George Jenkins was an extraordinary man who lived a wonderful life. He represented the best sense of what used to be called a self-made man. However, what many admire most about him, he owed to his mother.
He often recited a Bible verse he learned from his mother as a child “From everyone who has been given much, much will be required.”
George Jenkins grew up with a sense of responsibility for sharing the fruits of his success. His mother saw to it.
Not only would his personal generosity grow legendary, but also his example and encouragement for others helped define a culture of generosity for his family, company, and city.
It is true that he was an ambitious, self-confident man. During the Great Depression he owned a single store and dreamed of owning a chain of supermarkets. That once poor boy from Georgia fulfilled his ambition and earned his self-confidence.
Not many men so ambitious and self-confident have been so loved. What made George Jenkins different was the way all of his attributes incorporated gratitude. His gratitude flowed from another surprising virtue in such a successful man, namely humility.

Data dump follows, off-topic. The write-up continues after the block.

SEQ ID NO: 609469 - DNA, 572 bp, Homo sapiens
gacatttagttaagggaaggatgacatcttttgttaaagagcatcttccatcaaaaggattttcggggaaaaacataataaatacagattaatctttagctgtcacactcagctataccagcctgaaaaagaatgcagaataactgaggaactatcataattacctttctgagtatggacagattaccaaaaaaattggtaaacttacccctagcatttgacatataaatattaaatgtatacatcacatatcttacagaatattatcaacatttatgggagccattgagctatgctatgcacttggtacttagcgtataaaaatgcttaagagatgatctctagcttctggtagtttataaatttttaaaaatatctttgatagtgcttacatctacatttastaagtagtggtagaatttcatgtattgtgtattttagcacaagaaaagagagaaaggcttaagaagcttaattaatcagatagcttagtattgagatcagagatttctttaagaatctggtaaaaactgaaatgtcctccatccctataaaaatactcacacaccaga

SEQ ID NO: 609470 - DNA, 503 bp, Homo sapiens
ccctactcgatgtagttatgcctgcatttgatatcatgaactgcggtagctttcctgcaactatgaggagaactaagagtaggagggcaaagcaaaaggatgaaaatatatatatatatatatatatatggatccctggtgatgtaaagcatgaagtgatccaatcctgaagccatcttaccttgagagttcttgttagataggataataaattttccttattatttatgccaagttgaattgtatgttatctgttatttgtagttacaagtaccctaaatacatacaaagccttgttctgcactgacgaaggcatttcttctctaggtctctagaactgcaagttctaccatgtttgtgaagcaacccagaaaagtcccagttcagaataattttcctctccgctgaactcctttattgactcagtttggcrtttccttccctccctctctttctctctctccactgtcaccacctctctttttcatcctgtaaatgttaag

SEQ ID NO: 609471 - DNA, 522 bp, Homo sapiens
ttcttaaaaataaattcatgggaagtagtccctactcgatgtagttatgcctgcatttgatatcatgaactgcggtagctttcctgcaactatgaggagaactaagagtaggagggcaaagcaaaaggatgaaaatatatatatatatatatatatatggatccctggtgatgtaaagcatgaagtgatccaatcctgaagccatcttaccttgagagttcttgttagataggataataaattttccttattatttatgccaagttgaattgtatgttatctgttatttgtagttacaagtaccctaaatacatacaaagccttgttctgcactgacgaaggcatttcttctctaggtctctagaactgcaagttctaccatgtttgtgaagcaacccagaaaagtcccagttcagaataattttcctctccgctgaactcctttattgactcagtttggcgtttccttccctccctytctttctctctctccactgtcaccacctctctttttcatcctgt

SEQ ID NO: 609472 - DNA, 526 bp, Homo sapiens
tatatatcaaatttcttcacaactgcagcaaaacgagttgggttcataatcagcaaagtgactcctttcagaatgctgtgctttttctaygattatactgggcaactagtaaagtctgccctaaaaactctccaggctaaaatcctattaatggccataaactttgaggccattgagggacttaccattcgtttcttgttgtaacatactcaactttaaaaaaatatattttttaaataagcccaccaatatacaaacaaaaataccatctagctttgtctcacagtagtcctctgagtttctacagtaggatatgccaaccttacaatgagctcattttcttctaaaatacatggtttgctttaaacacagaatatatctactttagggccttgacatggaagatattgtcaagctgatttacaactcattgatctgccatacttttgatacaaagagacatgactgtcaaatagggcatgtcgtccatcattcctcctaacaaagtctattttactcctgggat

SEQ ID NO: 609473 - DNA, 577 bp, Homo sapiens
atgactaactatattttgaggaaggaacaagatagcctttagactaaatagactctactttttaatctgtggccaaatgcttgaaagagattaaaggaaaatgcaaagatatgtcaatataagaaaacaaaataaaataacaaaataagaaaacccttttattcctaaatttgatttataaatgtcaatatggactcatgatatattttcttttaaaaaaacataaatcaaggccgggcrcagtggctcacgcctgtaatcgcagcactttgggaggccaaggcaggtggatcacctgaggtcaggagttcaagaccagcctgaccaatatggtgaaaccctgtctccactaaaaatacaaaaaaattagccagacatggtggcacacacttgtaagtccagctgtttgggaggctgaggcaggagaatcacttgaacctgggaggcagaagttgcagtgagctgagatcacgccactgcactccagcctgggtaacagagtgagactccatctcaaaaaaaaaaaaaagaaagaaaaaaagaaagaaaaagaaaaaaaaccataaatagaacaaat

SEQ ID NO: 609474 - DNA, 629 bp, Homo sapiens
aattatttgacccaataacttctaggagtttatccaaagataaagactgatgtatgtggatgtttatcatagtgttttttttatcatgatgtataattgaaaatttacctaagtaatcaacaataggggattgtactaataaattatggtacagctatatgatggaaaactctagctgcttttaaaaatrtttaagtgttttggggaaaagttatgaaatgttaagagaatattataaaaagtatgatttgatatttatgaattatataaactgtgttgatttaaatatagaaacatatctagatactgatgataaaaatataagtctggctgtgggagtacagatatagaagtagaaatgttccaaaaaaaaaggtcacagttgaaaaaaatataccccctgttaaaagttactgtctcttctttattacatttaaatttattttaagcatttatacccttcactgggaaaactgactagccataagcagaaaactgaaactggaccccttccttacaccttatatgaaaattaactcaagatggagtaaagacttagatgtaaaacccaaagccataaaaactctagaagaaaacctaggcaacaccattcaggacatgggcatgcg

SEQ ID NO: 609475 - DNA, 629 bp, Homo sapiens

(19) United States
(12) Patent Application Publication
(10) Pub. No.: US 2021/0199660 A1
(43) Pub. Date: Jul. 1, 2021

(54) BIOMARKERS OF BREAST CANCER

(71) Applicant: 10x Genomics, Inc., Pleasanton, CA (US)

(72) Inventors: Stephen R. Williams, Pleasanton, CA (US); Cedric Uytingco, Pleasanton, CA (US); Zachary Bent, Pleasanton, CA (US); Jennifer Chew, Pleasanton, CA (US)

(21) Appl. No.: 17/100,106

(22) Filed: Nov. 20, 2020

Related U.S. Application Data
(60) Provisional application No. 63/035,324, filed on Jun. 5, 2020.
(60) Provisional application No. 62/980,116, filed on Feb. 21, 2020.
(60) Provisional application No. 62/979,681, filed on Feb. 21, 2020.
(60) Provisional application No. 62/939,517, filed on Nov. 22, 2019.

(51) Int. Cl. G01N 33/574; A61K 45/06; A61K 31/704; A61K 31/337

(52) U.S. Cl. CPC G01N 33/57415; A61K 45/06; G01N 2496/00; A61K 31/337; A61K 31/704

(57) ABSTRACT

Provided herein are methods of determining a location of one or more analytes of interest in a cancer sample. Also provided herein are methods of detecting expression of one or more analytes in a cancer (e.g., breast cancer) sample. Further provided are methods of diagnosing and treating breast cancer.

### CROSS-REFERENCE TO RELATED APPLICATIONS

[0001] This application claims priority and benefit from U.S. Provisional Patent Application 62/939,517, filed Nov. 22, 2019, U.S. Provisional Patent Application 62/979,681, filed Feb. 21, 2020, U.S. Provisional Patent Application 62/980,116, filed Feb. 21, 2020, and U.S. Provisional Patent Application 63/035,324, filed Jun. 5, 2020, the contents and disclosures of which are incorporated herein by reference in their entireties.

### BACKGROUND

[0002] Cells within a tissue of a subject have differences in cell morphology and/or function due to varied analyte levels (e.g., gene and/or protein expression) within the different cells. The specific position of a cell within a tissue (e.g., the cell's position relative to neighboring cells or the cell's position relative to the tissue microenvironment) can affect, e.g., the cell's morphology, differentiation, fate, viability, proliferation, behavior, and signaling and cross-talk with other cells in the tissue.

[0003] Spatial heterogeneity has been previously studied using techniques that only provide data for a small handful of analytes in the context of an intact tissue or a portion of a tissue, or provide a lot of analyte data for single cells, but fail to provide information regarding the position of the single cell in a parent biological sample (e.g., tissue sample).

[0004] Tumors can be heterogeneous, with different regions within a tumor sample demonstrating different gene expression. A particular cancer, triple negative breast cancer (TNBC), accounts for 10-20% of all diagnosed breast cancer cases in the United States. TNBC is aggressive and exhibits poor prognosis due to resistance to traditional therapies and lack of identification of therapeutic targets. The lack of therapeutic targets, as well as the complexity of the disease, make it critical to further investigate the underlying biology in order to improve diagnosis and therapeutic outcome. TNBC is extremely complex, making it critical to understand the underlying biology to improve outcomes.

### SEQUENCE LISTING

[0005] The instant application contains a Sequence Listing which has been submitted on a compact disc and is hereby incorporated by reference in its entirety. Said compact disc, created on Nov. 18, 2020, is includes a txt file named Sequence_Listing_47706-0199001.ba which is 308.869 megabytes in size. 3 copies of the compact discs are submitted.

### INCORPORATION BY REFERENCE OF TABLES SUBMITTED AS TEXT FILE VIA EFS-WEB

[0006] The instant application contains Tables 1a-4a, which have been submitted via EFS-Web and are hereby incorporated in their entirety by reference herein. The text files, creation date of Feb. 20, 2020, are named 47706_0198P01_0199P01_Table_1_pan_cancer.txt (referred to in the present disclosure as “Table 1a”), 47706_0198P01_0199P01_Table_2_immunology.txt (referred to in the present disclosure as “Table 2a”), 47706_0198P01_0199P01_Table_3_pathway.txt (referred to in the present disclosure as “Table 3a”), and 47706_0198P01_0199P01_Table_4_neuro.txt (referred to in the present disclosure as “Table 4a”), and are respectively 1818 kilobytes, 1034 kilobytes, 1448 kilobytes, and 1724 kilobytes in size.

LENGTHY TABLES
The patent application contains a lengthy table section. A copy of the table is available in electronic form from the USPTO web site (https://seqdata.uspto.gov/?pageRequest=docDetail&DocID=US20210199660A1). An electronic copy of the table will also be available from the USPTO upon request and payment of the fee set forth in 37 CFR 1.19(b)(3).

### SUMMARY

That man raised in modest circumstances in Georgia, having come to Florida with only a few dollars in his pocket, could be pleased with what his company has accomplished. There was a rare humility in his reaction that reflected his continuing surprise at just how well he and Publix had prospered. He often remarked that Publix had become far more valuable than he had anticipated.
George Jenkins lived his life in amazement at what a man of meager means could build in this country.
He embodied the counsel to “count others more significant” than ourselves, looking “not only to our own interests, but to the interests of others.”
That kind of